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How to Improve Your Credit Score in 2021

Updated: Apr 1, 2021

The following article is strictly the opinion of the author and is to not be considered financial/investment advice. Call to Leap LLC and the author of this article does not claim to be a registered financial advisor (RIA) or financial advisor. Please visit our terms of service and privacy policy before reading this article.

Credit is one of the most important yet misunderstood aspects of personal finance.

A lot of people criticize debt and say that you should stay as far away from credit cards as possible. But there are plenty of great benefits to having a high credit score if you know how to use them. Some benefits include rewards points, cash rewards, travel points, and lower interest rates on things like your car or home.

Extra benefits from credit cards can assist you with your long term financial goals in life. As long as you keep a good credit score.

In this article, we will be discussing how to improve your credit score with a few unique tactics.

How is Your Credit Determined?

First, let’s talk about how your credit score is determined. According to, your credit score is determined by 5 different factors. We will discuss how to tackle each of these factors one at a time.

35% - On Time Payments

The first and largest factor is your record of on-time payments which counts for 35% of your credit score. Since this is the largest portion of your credit score, it can really sting you if you miss even one payment.

A payment is considered late if it is 30 days past due. The longer you wait, the more it will hurt your credit score.

If you have a credit score of 800, a late payment can penalize you as much as 100 points off of your credit score. But if your score is already low, another late payment won’t affect it as much. But you should still always pay on time because a late payment will stay on your credit report for seven years. Don’t let this scare you though because the impact on your credit score can still be fixed over a short period of time.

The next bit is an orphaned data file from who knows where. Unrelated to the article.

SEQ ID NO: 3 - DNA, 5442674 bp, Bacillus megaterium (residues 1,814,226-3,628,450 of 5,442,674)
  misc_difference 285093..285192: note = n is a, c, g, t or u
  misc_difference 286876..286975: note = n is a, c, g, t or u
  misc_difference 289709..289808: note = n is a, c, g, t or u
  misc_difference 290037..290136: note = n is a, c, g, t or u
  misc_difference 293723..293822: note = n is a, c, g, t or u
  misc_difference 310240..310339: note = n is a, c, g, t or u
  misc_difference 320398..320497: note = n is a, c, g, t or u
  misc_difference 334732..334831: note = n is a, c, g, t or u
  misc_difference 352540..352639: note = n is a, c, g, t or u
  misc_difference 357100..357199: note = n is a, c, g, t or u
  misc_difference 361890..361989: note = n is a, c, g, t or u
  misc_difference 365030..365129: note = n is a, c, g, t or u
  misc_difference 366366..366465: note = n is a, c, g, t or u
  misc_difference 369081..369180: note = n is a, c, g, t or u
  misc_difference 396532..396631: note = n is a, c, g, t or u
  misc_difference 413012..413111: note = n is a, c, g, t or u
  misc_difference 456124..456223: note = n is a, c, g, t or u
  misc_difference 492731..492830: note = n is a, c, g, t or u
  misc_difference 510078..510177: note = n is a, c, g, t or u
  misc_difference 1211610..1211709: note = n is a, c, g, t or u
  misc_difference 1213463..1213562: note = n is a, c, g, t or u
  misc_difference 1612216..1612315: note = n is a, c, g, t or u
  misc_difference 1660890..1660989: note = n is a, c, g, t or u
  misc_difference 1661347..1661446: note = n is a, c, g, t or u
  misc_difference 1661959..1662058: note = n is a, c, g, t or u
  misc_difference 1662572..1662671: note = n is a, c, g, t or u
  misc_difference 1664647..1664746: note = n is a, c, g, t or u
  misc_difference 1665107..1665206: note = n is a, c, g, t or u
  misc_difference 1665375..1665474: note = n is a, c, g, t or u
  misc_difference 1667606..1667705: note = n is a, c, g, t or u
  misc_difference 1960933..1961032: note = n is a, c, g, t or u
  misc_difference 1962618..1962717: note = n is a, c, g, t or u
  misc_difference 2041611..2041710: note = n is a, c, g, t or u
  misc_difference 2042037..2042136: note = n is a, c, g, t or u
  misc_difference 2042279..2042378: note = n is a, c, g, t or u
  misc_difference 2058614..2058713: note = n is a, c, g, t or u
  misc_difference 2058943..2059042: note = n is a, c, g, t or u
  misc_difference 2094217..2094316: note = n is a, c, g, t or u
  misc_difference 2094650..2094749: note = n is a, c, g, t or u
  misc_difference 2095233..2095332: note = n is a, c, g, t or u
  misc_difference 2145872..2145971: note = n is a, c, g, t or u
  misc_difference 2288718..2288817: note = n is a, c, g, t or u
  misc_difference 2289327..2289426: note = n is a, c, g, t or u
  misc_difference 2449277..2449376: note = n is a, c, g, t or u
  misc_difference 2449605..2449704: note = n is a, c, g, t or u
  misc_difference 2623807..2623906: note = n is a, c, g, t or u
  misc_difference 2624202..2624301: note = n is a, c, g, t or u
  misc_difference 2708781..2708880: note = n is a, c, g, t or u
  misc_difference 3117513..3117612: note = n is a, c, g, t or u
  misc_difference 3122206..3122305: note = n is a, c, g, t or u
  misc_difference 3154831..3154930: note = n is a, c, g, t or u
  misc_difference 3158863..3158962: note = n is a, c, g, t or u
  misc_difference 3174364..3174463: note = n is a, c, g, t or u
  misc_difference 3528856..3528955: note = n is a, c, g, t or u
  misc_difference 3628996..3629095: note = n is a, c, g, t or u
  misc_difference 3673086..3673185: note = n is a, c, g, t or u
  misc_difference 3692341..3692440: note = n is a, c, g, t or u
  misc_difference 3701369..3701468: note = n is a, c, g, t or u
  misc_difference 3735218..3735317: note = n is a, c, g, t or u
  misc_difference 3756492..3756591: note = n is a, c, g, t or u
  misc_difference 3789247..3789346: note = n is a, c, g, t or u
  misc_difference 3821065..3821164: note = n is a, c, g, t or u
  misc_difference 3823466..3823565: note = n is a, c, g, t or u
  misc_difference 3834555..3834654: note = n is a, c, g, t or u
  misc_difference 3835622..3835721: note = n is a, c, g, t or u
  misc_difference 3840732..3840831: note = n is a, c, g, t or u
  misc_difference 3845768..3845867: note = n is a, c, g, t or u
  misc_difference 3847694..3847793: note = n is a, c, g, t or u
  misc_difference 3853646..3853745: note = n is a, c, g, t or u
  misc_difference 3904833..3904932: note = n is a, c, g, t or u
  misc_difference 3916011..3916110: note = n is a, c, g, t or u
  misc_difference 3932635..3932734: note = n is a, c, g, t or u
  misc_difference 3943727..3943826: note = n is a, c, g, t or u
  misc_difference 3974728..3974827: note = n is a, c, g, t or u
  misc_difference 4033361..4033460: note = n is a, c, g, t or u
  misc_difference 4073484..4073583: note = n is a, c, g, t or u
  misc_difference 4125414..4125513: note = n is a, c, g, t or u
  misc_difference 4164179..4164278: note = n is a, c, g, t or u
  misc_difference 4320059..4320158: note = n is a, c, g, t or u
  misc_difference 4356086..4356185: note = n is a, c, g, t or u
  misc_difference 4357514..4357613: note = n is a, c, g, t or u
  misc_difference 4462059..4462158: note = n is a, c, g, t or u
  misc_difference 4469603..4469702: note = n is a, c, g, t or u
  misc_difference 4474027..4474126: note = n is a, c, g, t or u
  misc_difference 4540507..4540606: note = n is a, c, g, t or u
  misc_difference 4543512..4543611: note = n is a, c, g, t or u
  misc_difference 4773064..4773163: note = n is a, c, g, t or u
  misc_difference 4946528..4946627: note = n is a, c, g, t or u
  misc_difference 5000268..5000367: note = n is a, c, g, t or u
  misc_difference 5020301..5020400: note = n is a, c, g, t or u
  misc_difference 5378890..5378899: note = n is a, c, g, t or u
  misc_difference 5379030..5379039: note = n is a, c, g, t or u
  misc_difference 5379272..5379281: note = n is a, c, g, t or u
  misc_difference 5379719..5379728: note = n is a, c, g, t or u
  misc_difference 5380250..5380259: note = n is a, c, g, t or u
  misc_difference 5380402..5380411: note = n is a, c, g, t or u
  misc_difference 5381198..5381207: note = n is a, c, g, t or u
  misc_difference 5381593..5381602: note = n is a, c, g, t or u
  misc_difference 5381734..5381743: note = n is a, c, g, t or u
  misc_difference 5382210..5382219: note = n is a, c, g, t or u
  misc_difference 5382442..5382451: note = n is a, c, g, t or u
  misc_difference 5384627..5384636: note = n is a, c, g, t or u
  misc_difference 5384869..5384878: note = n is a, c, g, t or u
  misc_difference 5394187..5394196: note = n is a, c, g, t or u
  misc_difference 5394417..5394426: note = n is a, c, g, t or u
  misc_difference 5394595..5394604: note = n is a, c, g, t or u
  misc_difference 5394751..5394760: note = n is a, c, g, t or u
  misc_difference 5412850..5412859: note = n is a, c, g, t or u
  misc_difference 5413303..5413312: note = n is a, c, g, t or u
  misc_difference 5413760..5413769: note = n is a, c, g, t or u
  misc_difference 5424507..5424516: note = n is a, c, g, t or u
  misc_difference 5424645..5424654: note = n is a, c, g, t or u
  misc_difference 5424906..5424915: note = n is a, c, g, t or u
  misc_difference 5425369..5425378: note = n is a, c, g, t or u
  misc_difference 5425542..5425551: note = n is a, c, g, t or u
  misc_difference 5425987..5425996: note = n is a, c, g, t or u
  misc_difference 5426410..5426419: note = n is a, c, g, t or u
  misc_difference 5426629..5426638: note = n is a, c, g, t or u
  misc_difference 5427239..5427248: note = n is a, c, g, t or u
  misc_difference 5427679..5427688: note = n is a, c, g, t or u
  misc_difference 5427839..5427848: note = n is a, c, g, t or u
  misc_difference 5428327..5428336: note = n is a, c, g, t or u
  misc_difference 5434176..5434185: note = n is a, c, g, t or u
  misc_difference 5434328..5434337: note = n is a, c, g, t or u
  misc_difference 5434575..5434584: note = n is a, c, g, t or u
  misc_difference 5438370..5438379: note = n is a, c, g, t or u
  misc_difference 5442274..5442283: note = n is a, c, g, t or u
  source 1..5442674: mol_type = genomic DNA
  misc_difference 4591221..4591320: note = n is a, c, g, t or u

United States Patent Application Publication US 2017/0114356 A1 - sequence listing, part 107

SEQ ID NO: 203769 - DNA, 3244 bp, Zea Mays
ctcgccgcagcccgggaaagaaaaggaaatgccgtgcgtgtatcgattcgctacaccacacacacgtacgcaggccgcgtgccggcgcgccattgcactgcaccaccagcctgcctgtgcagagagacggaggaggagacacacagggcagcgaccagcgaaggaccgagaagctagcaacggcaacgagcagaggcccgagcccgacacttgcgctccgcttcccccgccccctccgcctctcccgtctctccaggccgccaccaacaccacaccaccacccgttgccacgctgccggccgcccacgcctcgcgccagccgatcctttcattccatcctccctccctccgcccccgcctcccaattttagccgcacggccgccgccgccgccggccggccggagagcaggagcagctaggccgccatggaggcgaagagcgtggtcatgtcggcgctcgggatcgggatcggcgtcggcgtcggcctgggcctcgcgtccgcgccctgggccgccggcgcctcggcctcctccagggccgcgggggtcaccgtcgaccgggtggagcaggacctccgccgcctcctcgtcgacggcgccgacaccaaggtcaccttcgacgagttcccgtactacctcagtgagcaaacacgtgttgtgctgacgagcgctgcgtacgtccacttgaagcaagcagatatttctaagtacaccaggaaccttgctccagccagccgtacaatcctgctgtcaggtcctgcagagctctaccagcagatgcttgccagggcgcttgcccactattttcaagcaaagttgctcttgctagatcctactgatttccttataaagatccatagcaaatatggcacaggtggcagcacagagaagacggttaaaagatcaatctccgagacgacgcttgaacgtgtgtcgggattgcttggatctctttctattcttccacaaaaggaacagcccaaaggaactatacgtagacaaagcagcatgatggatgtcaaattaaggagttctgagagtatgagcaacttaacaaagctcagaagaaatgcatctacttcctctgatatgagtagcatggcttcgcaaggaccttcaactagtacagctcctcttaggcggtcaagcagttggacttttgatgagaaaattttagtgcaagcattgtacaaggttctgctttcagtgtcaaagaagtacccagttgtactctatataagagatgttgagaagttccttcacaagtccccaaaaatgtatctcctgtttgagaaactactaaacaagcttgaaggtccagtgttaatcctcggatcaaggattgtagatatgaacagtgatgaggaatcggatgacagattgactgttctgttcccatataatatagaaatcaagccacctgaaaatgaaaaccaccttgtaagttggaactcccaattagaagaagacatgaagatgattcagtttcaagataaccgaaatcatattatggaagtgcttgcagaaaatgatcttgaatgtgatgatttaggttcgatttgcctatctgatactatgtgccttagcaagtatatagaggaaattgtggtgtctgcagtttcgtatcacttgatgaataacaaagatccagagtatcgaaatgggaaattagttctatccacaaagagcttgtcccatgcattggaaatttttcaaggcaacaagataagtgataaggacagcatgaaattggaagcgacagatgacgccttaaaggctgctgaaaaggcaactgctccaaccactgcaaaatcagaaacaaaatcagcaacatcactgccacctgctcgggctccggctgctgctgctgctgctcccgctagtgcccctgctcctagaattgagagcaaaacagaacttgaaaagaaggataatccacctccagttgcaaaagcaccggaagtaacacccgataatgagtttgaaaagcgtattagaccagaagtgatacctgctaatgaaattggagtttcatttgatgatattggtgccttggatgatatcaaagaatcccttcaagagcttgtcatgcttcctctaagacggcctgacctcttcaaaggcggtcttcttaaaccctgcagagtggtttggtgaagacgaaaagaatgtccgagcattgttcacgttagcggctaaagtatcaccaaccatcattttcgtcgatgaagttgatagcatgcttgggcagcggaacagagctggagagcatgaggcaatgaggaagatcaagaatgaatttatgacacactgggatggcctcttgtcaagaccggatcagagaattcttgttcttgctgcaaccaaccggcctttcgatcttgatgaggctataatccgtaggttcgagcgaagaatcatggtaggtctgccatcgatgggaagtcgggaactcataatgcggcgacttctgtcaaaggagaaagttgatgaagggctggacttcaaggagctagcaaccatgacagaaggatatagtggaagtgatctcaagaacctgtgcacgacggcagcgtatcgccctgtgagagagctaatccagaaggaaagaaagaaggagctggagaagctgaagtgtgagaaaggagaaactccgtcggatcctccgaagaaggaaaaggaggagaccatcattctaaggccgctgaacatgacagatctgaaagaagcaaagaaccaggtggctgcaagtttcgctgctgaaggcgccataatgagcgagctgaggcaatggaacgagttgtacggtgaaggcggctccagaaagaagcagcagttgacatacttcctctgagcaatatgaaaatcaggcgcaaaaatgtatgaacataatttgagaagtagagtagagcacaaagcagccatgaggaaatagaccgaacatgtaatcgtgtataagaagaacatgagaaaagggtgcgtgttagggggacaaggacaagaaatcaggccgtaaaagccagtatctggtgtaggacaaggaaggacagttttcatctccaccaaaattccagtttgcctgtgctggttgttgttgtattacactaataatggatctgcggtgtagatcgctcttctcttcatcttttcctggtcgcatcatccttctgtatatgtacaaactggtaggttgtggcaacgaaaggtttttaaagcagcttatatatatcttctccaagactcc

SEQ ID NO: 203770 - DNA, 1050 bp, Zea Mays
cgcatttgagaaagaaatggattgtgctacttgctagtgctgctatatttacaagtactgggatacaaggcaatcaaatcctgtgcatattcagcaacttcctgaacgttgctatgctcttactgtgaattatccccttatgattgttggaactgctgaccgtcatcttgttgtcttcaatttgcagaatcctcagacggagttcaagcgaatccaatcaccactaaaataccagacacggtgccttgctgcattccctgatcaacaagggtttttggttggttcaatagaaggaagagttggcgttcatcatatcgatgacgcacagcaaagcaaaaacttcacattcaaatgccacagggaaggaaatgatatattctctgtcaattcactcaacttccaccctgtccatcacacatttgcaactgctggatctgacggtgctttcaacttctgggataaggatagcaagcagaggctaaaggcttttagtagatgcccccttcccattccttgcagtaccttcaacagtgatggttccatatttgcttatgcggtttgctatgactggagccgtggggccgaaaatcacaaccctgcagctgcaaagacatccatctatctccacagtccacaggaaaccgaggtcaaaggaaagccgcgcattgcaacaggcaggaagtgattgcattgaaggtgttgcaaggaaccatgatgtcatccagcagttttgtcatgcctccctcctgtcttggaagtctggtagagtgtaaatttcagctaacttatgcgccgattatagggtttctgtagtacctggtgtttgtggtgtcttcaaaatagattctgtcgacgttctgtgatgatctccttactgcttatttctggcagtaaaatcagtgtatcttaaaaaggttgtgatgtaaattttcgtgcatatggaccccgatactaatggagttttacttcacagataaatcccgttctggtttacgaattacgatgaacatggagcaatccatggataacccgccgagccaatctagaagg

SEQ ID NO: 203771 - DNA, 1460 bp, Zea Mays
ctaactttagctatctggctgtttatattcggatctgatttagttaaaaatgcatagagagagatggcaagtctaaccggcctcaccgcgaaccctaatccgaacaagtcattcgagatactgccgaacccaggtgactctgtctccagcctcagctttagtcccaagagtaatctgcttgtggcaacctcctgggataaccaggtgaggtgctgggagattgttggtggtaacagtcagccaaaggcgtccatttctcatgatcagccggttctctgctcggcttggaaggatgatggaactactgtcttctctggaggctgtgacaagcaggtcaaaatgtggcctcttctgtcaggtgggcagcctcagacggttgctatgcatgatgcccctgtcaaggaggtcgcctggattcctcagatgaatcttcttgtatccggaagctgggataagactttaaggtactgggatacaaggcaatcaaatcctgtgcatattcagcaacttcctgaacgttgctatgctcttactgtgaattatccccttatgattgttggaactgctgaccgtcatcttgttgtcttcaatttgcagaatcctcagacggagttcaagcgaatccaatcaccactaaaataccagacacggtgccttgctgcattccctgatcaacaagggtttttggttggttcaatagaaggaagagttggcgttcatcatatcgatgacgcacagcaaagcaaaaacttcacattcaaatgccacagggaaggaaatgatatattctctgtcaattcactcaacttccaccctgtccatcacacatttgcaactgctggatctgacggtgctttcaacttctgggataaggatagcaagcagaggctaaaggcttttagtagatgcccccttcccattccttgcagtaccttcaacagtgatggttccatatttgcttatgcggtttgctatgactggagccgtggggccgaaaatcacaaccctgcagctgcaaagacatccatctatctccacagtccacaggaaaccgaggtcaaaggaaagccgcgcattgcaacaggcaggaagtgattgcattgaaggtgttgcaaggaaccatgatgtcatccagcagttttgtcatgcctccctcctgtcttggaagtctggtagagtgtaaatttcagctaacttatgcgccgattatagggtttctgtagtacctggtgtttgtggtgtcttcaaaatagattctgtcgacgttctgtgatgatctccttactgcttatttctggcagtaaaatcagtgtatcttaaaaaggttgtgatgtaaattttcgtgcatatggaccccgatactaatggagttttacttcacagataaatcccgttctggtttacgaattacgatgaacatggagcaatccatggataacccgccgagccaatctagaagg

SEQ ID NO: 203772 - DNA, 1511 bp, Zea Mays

Some ways you can reduce your chances of late payments include setting up text alerts or setting up auto payments which you can usually set up online. Many credit card issuers also allow you to change your own payment dates. This might be a good idea if you don’t get your paycheck in time for your due date or if you have too many bills to deal with on the same week.

Overall there is no fancy tactic when it comes to on-time payments. You simply need to pay back the money that you are borrowing on time.

30% - Amounts Owed

Your Amounts Owed reflects the amount you owe each of your creditors in total. This includes both credit cards and installment loans - mortgages, car loans, and student loans.

Creditors actually want to see that you are able to pay several different loans. So having student debt, along with a car loan, and credit cards can actually be a good thing.

As for your credit card, one of the main factors used when determining your credit score is the amount of your credit limit you are using. What does this mean exactly?

Here’s an example:

If you have a credit card with a limit of $5,000 and you have used $2,500, then you are using 50% of your credit limit. A good rule of thumb is to keep your usage under 30% of your total credit limit. And this rule applies even if you have several credit cards.

So let's say you have 2 credit cards each with a $5,000 limit. This means you will have a total credit limit of $10,000. Collectively you should keep your credit usage under $3,000.

One tactic you can use to make sure that you don’t pass the 30% limit is to simply raise your credit limit. If you have a credit card with a limit of $1,000, this may not be enough for you

You can usually request to increase your limit online. If your credit provider does not allow you to do this online then you will have to call them.